Atrium Students Place Fifth at State Science Olympiad
On March 3, after months of preparation, 26 students from the Middle School traveled to Worcester to compete in the Massachusetts State Science Olympiad. Atrium students faced tough competition against much larger teams from other independent and public schools. Nevertheless, each of Atrium's students placed in the top 10 in their division in at least one of their events, and even won the school's first gold medal.
Atrium's regular team placed 5th out of 30 teams in the competitive division, in the top 10 in 16 out of 23 total events. The results showed incredible growth from last year, when the team was 9th overall with half as many placings. The alternate team placed 4th out of 28 teams in the alternate (junior varsity) division, and also placed in the top 10 in 16 out of 23 events.
Students started Olympiad preparation in November, meeting twice a week for 1.5 hours each session. Many of the students worked additional hours on weekends, February vacation, and optional Friday practices.
Atrium's Science Olympiad team began three years ago, under coach Laura Page's supervision. Since then, it has grown exponentially, to the point where the program now includes more than half of the Middle School. One parent volunteered to be a coach, and countless others helped in myriad ways–all of whom deserve praise and thanks.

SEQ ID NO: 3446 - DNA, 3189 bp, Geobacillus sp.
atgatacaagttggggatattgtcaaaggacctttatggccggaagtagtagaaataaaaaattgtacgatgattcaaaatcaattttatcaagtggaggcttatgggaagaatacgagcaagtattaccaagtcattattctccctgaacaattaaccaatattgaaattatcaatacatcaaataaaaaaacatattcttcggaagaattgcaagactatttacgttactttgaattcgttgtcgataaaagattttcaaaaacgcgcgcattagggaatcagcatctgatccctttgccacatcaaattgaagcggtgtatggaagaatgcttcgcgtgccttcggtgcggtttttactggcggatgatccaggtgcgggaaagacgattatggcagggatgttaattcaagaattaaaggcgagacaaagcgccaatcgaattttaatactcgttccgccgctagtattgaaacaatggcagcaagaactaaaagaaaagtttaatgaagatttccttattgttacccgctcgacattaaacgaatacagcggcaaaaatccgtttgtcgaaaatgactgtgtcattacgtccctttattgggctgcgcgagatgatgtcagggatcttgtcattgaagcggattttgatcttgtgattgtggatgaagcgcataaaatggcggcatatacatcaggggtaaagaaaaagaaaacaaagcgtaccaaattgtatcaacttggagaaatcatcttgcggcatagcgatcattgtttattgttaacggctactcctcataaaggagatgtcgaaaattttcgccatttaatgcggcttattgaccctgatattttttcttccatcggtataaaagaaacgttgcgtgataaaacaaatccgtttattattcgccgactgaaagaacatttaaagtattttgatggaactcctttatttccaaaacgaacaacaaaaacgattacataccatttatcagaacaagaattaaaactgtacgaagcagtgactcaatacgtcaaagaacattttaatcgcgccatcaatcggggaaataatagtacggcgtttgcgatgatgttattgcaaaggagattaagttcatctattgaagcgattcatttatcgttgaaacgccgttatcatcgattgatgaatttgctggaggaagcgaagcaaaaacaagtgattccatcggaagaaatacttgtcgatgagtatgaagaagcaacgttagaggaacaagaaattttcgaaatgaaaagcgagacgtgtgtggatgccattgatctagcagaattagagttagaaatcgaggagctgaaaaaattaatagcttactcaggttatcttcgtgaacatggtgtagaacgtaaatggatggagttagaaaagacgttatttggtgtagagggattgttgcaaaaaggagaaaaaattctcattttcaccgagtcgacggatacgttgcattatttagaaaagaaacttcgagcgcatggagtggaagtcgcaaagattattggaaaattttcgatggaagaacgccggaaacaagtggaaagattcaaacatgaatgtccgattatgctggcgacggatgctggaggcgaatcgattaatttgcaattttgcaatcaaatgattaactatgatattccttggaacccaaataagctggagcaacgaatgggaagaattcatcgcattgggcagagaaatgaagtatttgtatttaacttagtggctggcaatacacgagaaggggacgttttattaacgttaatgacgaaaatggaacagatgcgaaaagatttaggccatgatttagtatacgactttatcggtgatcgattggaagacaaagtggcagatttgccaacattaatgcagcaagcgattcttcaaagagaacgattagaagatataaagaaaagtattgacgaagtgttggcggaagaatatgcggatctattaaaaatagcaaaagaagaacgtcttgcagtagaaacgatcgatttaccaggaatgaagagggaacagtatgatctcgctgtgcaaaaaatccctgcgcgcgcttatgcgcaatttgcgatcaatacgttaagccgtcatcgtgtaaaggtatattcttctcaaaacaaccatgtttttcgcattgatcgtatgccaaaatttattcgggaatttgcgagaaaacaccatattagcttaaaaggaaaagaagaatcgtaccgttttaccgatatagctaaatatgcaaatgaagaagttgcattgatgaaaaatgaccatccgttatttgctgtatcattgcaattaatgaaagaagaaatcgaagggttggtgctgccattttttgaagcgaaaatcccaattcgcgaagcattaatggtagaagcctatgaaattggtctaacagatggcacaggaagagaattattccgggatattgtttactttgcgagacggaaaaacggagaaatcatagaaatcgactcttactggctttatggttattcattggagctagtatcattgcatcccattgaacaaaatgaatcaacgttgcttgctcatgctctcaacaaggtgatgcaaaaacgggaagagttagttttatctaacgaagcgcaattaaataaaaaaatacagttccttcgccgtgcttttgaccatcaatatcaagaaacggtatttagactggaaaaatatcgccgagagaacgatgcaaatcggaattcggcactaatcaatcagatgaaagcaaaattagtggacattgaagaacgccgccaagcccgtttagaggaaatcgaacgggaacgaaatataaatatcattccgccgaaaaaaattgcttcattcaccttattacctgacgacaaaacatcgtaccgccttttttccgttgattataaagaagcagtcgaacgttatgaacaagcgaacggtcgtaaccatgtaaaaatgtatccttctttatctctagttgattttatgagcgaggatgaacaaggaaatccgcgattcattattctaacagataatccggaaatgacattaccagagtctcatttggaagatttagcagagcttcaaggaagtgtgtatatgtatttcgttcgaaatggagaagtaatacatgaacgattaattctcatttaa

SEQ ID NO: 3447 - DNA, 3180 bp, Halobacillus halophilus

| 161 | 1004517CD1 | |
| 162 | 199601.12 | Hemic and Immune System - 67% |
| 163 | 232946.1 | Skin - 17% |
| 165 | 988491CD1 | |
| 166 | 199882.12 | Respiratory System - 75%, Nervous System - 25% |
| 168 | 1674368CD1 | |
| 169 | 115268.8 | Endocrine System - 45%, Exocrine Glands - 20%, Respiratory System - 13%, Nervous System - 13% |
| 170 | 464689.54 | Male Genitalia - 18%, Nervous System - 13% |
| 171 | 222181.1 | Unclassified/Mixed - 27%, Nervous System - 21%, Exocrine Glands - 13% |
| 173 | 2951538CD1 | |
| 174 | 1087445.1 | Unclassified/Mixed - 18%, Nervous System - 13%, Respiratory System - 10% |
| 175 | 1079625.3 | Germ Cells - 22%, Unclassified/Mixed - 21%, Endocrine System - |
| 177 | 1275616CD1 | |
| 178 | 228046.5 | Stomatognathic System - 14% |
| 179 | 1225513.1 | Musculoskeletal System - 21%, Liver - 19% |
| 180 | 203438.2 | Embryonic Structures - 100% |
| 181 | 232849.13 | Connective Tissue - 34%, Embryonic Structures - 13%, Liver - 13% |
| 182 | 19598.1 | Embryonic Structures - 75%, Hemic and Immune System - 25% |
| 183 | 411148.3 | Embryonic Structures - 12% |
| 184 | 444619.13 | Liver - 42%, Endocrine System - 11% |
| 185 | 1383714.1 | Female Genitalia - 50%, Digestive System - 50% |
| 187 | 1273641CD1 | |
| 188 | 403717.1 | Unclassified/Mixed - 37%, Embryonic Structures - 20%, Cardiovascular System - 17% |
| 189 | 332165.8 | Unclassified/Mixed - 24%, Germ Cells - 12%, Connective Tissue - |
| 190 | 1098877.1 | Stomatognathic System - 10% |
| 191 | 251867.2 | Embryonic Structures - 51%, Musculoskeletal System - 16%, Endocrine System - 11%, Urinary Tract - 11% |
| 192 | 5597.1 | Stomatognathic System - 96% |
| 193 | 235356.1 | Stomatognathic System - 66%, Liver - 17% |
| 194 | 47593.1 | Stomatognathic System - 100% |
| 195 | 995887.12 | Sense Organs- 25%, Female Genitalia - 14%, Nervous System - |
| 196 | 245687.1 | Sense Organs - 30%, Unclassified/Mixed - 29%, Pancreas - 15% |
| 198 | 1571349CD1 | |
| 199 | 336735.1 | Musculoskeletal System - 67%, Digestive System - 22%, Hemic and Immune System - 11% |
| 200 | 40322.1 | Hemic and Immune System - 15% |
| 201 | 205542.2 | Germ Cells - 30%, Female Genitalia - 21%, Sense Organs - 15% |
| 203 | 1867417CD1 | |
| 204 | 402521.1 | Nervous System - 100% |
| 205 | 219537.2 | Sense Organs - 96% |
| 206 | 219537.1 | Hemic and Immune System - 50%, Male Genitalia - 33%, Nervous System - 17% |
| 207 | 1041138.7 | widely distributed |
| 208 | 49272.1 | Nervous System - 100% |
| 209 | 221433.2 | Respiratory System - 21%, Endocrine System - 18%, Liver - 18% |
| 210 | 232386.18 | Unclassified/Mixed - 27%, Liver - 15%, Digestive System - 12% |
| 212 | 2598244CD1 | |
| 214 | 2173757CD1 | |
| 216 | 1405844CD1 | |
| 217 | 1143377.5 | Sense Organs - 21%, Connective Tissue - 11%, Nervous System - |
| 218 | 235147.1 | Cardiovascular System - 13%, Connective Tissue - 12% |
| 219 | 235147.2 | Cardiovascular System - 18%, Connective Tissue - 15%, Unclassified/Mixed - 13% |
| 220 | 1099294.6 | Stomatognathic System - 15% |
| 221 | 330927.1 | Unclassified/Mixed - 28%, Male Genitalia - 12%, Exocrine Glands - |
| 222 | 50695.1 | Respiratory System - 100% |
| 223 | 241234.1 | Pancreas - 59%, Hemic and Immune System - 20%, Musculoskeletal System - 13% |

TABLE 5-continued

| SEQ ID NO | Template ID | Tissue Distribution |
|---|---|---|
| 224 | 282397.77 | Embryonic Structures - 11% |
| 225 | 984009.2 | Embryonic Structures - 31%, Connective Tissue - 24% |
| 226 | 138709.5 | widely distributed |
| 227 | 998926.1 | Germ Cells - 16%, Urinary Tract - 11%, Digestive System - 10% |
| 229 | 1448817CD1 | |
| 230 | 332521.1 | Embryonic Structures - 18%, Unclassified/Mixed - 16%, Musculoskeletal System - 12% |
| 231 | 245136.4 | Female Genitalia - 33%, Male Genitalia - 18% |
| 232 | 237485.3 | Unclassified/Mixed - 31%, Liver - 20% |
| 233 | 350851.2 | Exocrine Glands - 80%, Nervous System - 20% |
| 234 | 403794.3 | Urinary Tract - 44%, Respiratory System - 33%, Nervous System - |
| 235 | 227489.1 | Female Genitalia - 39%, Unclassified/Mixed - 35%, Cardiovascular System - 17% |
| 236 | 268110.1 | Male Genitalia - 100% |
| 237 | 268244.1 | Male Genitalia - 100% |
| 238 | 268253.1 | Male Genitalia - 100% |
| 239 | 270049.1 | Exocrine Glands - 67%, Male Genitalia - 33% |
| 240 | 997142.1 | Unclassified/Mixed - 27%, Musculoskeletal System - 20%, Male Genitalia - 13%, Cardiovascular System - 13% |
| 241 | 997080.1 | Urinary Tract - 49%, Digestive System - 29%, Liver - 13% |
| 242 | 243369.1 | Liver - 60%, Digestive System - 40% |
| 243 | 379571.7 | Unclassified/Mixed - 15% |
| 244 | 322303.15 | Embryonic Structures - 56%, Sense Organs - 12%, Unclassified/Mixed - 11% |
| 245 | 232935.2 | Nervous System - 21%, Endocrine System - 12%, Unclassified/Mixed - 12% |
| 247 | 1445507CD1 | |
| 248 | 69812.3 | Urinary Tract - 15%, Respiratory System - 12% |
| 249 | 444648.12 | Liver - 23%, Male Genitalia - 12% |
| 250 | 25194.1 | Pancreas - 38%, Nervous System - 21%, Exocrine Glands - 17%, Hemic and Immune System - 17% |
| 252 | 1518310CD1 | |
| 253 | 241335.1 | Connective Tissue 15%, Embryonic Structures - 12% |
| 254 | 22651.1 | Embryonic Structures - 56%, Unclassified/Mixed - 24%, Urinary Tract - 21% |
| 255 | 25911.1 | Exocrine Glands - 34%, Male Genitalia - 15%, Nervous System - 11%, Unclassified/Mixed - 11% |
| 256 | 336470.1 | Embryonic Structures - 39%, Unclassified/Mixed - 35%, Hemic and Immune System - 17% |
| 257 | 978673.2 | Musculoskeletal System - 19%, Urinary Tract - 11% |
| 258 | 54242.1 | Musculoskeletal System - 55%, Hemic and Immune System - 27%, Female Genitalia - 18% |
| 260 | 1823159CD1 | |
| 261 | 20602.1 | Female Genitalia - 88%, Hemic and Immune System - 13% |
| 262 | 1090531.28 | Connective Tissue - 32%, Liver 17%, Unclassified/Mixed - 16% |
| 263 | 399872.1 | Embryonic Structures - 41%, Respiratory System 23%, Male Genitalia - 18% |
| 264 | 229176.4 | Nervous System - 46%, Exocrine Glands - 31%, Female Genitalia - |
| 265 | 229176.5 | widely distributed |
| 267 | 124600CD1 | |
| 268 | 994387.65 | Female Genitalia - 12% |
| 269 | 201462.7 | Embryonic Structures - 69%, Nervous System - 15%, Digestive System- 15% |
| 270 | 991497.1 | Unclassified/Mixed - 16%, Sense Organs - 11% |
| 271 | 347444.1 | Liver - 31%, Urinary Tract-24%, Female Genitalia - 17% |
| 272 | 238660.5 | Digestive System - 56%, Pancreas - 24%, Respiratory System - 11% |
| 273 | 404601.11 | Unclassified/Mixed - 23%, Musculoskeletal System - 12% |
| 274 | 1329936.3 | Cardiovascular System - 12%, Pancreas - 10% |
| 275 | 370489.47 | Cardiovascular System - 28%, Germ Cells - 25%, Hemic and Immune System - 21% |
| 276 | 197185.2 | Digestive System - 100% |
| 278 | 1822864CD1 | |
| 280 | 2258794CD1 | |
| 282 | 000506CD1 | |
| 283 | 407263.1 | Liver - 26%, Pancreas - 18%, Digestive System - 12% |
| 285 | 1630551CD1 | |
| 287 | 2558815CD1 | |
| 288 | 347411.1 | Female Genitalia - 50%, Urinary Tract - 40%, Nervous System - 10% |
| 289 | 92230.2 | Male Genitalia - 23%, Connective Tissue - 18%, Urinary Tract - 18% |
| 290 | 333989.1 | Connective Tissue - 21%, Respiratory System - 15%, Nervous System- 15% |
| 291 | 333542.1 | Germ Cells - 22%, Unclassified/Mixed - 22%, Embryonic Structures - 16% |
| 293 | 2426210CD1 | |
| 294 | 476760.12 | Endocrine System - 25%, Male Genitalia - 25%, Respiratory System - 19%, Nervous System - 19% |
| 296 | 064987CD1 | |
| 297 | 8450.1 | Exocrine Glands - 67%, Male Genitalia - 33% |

"I’m always blown away by what students learn while working on this competition," said Erika Montana, one of the Science Olympiad coaches. "As a teacher with a background in science (I got my B.S. from MIT in Biology and Chemistry), I think of myself as reasonably well versed in things middle school students should know, but in this competition they must outpace me. It is literally impossible for me (or Laura) to know everything that they must know for all 23 (or even 10) of their events."
She added, "They learn so much, not only about science and how to teach themselves about different topics, but also about teamwork (students are often paired with people who are not in their grade level), organization/planning, the engineering design process (improving failed designs), and dealing with stress, frustration, and disappointment."
Not only did the students do an impressive job with the scientific competition, their teamwork and support skills were also on display. "They did spectacular work, not only in their events but in the way they supported each other and even students from other schools," Erika said. "I heard so many stories of lending some one a pencil, or running notes across campus to get them to the right event. Competition day abounded with the joy and kindness of our students and it was wonderful to be a part of."